I am an anxious person. I haven’t always known that to be true, but it has become more obvious with each passing year. I am anxious about what I can do—and anxious about what I can’t. I’m anxious about how to love the people in my life—and I’m anxious when I don’t. I’m anxious about what is past—and anxious about what is yet to come.

Are you like me? If you are, then you have probably spent some time meditating on Philippians 4:6–7. It is one of the most oft-quoted passages in Scripture that addresses anxiety.

Do not be anxious about anything, but in everything, by prayer and petition, with thanksgiving, present your requests to God. And the peace of God, which transcends all understanding, will guard your hearts and your minds in Christ Jesus.(Phil 4:6–7)

These words are a deep blessing to me when I am overwhelmed with heavy responsibilities at work, or as I struggle with miscommunication with a friend. I, like many, turn to this passage for comfort.

But I have realized that if we limit our meditation to these verses alone, Paul’s main point of the passage is often missed. His reassurance is not meant to be a detached snippet of advice. It is actually part of an unfolding process that brings the peace of God in the deepest way imaginable. These verses are part of a unified response to a real life situation in the Philippian church and are meant to be read in light of that fact. So let’s look at what Paul shares about these circumstances a little earlier in the chapter.

It’s a common situation; there has been a conflict in the church. We don’t know the exact issues, but conflict is always upsetting, and it is likely there was a fair amount of anxiety present for those involved. We can see that two women, Euodia and Syntyche, had a disagreement, and Paul is encouraging a particular brother, a “loyal yokefellow,” to come alongside these sisters and help them address it (4:2–3). Then, over the next several verses, Paul urges them to do several things: to rejoice, to pray, to think about what is good, and, finally, to imitate him—all with a larger goal in mind. Let’s look at these a little more closely.

Rejoice Because the Lord Is Near

Amid the contentious dynamics in Philippi, Paul’s words are striking: “Rejoice in the Lord always” (4:4). This might seem odd at first. Is he sure that the conflict these sisters are facing will be settled? He appears hopeful toward that end, but that is not why he says they should rejoice. Rather, they should rejoice because the Lord is near (4:5). Rejoicing in God’s presence helps them (and us!) to approach conflict in a state of mind that allows humility and grace to flourish, rather than defensiveness and judgment.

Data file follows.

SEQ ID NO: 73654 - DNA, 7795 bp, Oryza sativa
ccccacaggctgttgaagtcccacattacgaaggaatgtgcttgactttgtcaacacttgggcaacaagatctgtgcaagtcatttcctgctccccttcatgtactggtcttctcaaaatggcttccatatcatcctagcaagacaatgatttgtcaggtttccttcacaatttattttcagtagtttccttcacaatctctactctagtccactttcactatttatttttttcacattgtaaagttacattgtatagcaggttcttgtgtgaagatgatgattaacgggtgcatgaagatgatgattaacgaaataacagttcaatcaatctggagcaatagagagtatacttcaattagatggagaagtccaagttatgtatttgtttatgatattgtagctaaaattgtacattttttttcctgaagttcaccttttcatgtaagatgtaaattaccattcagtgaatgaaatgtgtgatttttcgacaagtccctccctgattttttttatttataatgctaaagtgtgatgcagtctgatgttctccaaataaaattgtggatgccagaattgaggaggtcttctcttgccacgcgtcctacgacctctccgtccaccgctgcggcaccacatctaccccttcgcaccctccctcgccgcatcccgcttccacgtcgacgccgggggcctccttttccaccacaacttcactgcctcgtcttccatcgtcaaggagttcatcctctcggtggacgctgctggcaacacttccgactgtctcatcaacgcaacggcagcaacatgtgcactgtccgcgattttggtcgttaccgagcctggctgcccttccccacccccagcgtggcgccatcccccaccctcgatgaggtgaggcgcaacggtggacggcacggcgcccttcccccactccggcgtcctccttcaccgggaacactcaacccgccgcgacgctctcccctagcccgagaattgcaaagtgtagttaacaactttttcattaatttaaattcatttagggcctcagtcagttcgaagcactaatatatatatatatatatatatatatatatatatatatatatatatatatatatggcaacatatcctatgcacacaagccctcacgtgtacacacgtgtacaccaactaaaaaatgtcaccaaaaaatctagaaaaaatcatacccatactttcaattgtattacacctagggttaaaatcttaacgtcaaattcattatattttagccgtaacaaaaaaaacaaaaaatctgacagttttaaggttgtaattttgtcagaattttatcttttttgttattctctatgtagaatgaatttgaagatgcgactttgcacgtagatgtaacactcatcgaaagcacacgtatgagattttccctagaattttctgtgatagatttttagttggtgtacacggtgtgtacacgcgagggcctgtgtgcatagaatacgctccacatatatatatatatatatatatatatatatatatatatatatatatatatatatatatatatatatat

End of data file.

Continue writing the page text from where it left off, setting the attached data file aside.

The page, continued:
Pray without Limitation

After grounding his advice and encouragement in the nearness of God, Paul urges them to pray without limitation: “in everything, by prayer and petition, with thanksgiving, present your requests to God” (4:6). Even when a situation is conflicted, even when anxiety reigns, we can seek peace and find it in him: “And the peace of God which transcends all understanding will guard your hearts and your minds in Christ Jesus” (4:7). It is a blessing to attain relief from these inner storms of anxiety through honest, heartfelt prayer. What could be better than the peace of God?

Yet Paul’s message to his readers continues.

Think about Good Things

Finally, brothers, whatever is true, whatever is noble, whatever is right, whatever is pure, whatever is lovely, whatever is admirable—if anything is excellent or praiseworthy—think about such things. (Phil 4:8)

So, in the face of conflict and anxiety, Paul has reminded his readers that they can find joy in the nearness of God and peace through thankful petition. Now he invites them to direct their thoughts toward subjects that will inspire truth, nobility, beauty, etc. When we think about good things, we are thinking God’s thoughts after him. Recognizing what is praiseworthy invites us to praise the One who is near.

Imitate Me: Act

Then, Paul urges his readers to act, to imitate him: "Whatever you have learned or received or heard from me, or seen in me, put this into action" (Phil 4:9).

So what have the Philippians (and we) seen and heard from Paul? He is a man who practices what he preaches. His testimony here and throughout the New Testament shows a man who continually seeks to know God, a man who amid his own pressures and anxieties brings his requests to God through prayer and petition, and who thinks and speaks on what God says is good and true.

“And the God of Peace Will Be with You.”

Rejoice, pray, think, imitate—these all are good goals—but not the final goal. His interest is more transformational. In verse 9, he says, “And the God of peace will be with you.”

This is the promise that Paul holds most dear and wants the Philippians and us to experience as he has—the presence of the God of peace. This is the main point after all and what the previous verses are leading up to. Paul is able to rejoice because God is near to him. He is near when hardship is present and when it is overcome. Paul is able to be content in all circumstances because the Lord is with him. So, yes—we want to bring all of our requests to God and experience the peace that can calm our hearts and lessen our anxiety when times are hard. And yes, we want to think true and good thoughts and live in godly ways. But in the end, peace is found through an intimate relationship with God—the God of peace with you.

Let us follow Paul’s lead. Let’s strive toward internal peace in times of anxiety and peacemaking in the midst of conflict, but let's not stop there. Ultimately, why settle only for the peace of God, great blessing that it is, when we can have growing intimacy with the God of peace himself?

Anxious people, let us rejoice! The Lord—the God of peace—is near.